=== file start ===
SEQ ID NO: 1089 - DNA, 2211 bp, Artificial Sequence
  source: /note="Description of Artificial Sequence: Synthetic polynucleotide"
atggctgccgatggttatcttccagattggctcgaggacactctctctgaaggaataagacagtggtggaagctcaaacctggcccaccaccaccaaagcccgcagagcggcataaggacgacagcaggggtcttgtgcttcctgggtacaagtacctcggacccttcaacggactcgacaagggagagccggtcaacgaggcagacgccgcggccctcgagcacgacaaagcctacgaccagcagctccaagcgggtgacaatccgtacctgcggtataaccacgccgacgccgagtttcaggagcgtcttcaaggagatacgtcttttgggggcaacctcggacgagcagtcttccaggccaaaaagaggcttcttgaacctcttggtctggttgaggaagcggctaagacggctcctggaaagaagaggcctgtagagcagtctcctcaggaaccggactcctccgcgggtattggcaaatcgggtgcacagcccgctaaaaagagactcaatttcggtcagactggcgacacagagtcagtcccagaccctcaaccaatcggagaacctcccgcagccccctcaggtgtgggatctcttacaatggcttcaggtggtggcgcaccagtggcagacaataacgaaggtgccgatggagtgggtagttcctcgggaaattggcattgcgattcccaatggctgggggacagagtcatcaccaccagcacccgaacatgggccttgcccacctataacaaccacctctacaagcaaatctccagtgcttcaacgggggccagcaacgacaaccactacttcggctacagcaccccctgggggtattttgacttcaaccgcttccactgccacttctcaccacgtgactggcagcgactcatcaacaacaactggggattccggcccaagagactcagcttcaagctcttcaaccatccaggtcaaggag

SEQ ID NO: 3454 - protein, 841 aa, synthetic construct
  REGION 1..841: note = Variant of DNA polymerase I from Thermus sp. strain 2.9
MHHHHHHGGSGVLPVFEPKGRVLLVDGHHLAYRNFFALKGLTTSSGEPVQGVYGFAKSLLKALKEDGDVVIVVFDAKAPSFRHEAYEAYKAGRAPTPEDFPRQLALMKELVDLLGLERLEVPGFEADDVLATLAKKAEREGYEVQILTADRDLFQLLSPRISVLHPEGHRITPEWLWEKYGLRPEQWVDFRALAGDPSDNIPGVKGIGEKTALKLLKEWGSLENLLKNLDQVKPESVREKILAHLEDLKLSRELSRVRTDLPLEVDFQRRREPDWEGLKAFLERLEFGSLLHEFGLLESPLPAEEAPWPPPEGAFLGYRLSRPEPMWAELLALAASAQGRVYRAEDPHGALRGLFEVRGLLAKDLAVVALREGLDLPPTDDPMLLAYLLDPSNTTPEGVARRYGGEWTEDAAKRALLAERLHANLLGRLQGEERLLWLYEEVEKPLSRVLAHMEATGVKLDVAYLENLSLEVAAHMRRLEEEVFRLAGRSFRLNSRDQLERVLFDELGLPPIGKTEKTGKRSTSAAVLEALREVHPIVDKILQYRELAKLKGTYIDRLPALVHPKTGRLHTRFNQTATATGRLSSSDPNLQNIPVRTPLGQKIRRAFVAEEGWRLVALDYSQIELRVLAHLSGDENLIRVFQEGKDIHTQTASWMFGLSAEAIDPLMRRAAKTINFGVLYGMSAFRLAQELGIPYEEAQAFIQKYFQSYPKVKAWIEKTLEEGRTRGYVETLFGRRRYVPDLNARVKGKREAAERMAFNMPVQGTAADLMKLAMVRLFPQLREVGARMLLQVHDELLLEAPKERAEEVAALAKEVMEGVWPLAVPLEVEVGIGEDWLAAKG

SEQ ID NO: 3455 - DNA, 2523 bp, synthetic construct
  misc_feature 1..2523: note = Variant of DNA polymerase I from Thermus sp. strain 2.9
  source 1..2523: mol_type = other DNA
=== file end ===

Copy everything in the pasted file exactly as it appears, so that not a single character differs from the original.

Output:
SEQ ID NO: 1089 - DNA, 2211 bp, Artificial Sequence
  source: /note="Description of Artificial Sequence: Synthetic polynucleotide"
atggctgccgatggttatcttccagattggctcgaggacactctctctgaaggaataagacagtggtggaagctcaaacctggcccaccaccaccaaagcccgcagagcggcataaggacgacagcaggggtcttgtgcttcctgggtacaagtacctcggacccttcaacggactcgacaagggagagccggtcaacgaggcagacgccgcggccctcgagcacgacaaagcctacgaccagcagctccaagcgggtgacaatccgtacctgcggtataaccacgccgacgccgagtttcaggagcgtcttcaaggagatacgtcttttgggggcaacctcggacgagcagtcttccaggccaaaaagaggcttcttgaacctcttggtctggttgaggaagcggctaagacggctcctggaaagaagaggcctgtagagcagtctcctcaggaaccggactcctccgcgggtattggcaaatcgggtgcacagcccgctaaaaagagactcaatttcggtcagactggcgacacagagtcagtcccagaccctcaaccaatcggagaacctcccgcagccccctcaggtgtgggatctcttacaatggcttcaggtggtggcgcaccagtggcagacaataacgaaggtgccgatggagtgggtagttcctcgggaaattggcattgcgattcccaatggctgggggacagagtcatcaccaccagcacccgaacatgggccttgcccacctataacaaccacctctacaagcaaatctccagtgcttcaacgggggccagcaacgacaaccactacttcggctacagcaccccctgggggtattttgacttcaaccgcttccactgccacttctcaccacgtgactggcagcgactcatcaacaacaactggggattccggcccaagagactcagcttcaagctcttcaaccatccaggtcaaggag

SEQ ID NO: 3454 - protein, 841 aa, synthetic construct
  REGION 1..841: note = Variant of DNA polymerase I from Thermus sp. strain 2.9
MHHHHHHGGSGVLPVFEPKGRVLLVDGHHLAYRNFFALKGLTTSSGEPVQGVYGFAKSLLKALKEDGDVVIVVFDAKAPSFRHEAYEAYKAGRAPTPEDFPRQLALMKELVDLLGLERLEVPGFEADDVLATLAKKAEREGYEVQILTADRDLFQLLSPRISVLHPEGHRITPEWLWEKYGLRPEQWVDFRALAGDPSDNIPGVKGIGEKTALKLLKEWGSLENLLKNLDQVKPESVREKILAHLEDLKLSRELSRVRTDLPLEVDFQRRREPDWEGLKAFLERLEFGSLLHEFGLLESPLPAEEAPWPPPEGAFLGYRLSRPEPMWAELLALAASAQGRVYRAEDPHGALRGLFEVRGLLAKDLAVVALREGLDLPPTDDPMLLAYLLDPSNTTPEGVARRYGGEWTEDAAKRALLAERLHANLLGRLQGEERLLWLYEEVEKPLSRVLAHMEATGVKLDVAYLENLSLEVAAHMRRLEEEVFRLAGRSFRLNSRDQLERVLFDELGLPPIGKTEKTGKRSTSAAVLEALREVHPIVDKILQYRELAKLKGTYIDRLPALVHPKTGRLHTRFNQTATATGRLSSSDPNLQNIPVRTPLGQKIRRAFVAEEGWRLVALDYSQIELRVLAHLSGDENLIRVFQEGKDIHTQTASWMFGLSAEAIDPLMRRAAKTINFGVLYGMSAFRLAQELGIPYEEAQAFIQKYFQSYPKVKAWIEKTLEEGRTRGYVETLFGRRRYVPDLNARVKGKREAAERMAFNMPVQGTAADLMKLAMVRLFPQLREVGARMLLQVHDELLLEAPKERAEEVAALAKEVMEGVWPLAVPLEVEVGIGEDWLAAKG

SEQ ID NO: 3455 - DNA, 2523 bp, synthetic construct
  misc_feature 1..2523: note = Variant of DNA polymerase I from Thermus sp. strain 2.9
  source 1..2523: mol_type = other DNA